As a child and adolescent counsellor, I often get asked “does my child have social anxiety?”. As a teacher, you may face similar questions. If you are concerned about a child, it’s important to encourage parents or guardians to seek the help of a GP, who can refer their child for an assessment by a mental health specialist. There are, however, signs you can look out for in children who may be socially anxious. 

Social anxiety can be shown in a child’s behaviour. For instance, they may appear withdrawn, or seek to withdraw when put on the spot or encouraged to talk in front of others. They may cry more than usual in these situations or have outbursts of anger. Young people with social anxiety will attempt to avoid interaction with other people all together and may spend a lot of time on their own. You may notice that they hold minimal eye contact or even refuse to speak. Children can sometimes feel so overwhelmed by their social anxiety, that they refuse to come to school at all.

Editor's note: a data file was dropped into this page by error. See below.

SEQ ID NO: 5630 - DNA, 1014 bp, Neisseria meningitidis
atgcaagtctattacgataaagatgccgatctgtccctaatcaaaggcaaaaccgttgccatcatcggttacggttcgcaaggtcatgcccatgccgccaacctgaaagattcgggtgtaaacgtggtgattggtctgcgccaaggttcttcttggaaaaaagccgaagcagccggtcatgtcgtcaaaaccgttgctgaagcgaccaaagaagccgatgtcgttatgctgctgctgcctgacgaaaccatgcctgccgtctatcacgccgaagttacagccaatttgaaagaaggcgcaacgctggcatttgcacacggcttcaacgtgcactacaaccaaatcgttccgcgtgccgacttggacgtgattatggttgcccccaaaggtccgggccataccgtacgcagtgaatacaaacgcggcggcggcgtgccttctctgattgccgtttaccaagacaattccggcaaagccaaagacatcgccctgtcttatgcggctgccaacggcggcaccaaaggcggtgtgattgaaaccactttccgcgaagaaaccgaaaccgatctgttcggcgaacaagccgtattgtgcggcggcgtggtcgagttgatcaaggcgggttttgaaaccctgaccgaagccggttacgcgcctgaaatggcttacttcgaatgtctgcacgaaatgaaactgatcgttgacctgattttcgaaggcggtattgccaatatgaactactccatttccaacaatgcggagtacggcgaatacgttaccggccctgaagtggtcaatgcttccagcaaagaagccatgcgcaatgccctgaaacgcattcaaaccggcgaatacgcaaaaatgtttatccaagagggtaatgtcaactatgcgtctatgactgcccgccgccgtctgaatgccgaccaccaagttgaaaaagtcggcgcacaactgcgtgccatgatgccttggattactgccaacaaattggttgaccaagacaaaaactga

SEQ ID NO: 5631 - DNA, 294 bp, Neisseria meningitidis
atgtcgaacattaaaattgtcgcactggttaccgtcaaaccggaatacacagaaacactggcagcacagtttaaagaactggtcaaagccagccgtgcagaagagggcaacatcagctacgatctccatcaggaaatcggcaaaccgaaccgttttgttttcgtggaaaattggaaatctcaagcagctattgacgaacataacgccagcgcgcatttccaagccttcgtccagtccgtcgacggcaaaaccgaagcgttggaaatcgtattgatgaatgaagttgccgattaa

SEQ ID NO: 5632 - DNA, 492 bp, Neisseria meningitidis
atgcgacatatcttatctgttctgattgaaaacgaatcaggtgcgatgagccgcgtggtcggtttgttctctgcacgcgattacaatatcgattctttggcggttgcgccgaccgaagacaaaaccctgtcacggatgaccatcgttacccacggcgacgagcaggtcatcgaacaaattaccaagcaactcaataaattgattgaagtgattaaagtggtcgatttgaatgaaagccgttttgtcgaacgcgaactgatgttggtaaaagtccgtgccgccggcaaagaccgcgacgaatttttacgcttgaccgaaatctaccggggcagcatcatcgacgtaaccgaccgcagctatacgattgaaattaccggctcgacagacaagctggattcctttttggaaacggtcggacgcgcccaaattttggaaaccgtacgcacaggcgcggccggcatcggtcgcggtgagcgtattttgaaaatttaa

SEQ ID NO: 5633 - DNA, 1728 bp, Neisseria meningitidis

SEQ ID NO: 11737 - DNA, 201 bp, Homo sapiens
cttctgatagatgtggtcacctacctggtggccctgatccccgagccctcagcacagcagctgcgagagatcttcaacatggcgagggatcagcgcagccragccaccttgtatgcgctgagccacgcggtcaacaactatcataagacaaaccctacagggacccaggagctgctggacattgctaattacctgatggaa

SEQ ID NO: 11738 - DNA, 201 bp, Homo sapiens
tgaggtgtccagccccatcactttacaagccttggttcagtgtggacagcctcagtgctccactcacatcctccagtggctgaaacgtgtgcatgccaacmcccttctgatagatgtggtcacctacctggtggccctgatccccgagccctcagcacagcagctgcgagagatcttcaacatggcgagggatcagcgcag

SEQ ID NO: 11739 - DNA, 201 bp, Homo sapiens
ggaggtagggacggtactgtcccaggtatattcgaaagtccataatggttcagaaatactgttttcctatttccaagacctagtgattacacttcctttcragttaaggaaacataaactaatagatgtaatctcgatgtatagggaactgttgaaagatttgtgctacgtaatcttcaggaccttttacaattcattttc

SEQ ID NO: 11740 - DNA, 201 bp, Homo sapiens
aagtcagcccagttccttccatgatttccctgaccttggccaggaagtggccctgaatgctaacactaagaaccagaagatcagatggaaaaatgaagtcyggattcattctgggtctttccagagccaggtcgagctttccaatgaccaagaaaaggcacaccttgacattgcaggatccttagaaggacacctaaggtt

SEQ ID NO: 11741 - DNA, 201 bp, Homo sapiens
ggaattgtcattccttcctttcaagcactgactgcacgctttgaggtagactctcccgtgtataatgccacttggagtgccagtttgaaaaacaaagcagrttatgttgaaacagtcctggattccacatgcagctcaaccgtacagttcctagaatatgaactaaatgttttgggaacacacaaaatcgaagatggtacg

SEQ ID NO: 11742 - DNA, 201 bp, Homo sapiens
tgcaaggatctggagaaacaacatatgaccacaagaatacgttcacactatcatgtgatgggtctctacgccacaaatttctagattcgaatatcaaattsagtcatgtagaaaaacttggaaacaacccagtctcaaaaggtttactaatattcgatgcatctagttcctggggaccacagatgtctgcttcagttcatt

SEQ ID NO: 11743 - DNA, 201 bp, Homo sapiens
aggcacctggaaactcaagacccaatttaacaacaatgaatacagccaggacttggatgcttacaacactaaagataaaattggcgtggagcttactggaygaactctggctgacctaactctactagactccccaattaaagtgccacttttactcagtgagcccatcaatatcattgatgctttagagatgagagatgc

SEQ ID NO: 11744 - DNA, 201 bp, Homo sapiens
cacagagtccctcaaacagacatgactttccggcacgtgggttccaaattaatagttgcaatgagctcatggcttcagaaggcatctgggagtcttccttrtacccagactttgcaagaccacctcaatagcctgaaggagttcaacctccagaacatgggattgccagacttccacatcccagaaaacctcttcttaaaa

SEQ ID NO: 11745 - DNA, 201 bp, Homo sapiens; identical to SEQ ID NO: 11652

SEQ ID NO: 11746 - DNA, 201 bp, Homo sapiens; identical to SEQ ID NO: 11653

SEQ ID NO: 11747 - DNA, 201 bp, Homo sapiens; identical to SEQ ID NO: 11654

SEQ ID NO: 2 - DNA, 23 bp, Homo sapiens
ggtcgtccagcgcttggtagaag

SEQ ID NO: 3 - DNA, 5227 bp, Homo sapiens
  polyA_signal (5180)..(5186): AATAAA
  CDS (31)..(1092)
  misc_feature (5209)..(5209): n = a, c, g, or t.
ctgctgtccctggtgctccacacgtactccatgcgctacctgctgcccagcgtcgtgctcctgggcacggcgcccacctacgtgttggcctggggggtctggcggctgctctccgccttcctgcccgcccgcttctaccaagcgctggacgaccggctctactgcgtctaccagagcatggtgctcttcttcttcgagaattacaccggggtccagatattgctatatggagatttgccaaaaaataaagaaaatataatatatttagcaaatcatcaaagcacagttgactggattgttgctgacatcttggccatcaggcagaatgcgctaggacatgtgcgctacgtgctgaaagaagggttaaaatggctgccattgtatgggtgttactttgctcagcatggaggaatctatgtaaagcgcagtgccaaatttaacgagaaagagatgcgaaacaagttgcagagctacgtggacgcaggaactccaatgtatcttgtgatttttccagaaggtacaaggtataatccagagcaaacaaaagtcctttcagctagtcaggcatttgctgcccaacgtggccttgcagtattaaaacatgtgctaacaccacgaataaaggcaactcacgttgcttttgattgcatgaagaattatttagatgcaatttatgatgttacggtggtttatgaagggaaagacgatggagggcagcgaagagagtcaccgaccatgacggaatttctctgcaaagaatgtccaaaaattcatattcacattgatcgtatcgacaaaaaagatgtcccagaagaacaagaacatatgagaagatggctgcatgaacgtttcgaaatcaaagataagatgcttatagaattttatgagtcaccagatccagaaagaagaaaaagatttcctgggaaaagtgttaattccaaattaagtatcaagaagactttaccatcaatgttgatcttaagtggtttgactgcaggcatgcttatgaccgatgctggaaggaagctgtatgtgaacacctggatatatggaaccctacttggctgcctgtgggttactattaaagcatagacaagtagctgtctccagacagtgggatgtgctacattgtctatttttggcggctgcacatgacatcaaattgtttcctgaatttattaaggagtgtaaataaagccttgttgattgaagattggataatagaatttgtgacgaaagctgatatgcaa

There are also physical symptoms that you can look out for. The child may report feeling nauseous or having stomach aches. You might notice they blush frequently, especially when attention is on them. Social anxiety can also cause panic symptoms in a young person such as shaking, sweating and a raised heart rate. 





What impact does social anxiety have on young people?

Due to the nature of social anxiety, many young people dealing with it struggle to speak up about their experiences. This can then cause them to feel unable to ask for help, so often they don’t receive the support they need. When a child doesn’t receive any help or support, their anxiety can begin to impact other areas of their life.